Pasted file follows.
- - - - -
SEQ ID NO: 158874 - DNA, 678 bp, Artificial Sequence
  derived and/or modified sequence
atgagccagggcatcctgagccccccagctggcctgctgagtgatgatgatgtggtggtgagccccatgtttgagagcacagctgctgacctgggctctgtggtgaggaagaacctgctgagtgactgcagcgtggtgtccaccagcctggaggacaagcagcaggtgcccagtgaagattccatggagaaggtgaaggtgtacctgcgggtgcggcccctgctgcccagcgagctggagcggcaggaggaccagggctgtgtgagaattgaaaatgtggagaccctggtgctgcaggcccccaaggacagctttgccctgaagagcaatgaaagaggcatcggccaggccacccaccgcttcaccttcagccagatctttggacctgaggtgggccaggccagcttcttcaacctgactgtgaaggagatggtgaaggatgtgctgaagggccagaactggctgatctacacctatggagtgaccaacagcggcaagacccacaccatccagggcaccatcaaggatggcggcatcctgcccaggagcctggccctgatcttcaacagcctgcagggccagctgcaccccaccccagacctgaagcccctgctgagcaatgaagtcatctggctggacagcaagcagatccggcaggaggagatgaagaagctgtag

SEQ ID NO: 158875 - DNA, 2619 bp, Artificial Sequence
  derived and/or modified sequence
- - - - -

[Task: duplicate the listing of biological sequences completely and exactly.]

SEQ ID NO: 158874 - DNA, 678 bp, Artificial Sequence
  derived and/or modified sequence
atgagccagggcatcctgagccccccagctggcctgctgagtgatgatgatgtggtggtgagccccatgtttgagagcacagctgctgacctgggctctgtggtgaggaagaacctgctgagtgactgcagcgtggtgtccaccagcctggaggacaagcagcaggtgcccagtgaagattccatggagaaggtgaaggtgtacctgcgggtgcggcccctgctgcccagcgagctggagcggcaggaggaccagggctgtgtgagaattgaaaatgtggagaccctggtgctgcaggcccccaaggacagctttgccctgaagagcaatgaaagaggcatcggccaggccacccaccgcttcaccttcagccagatctttggacctgaggtgggccaggccagcttcttcaacctgactgtgaaggagatggtgaaggatgtgctgaagggccagaactggctgatctacacctatggagtgaccaacagcggcaagacccacaccatccagggcaccatcaaggatggcggcatcctgcccaggagcctggccctgatcttcaacagcctgcagggccagctgcaccccaccccagacctgaagcccctgctgagcaatgaagtcatctggctggacagcaagcagatccggcaggaggagatgaagaagctgtag

SEQ ID NO: 158875 - DNA, 2619 bp, Artificial Sequence
  derived and/or modified sequence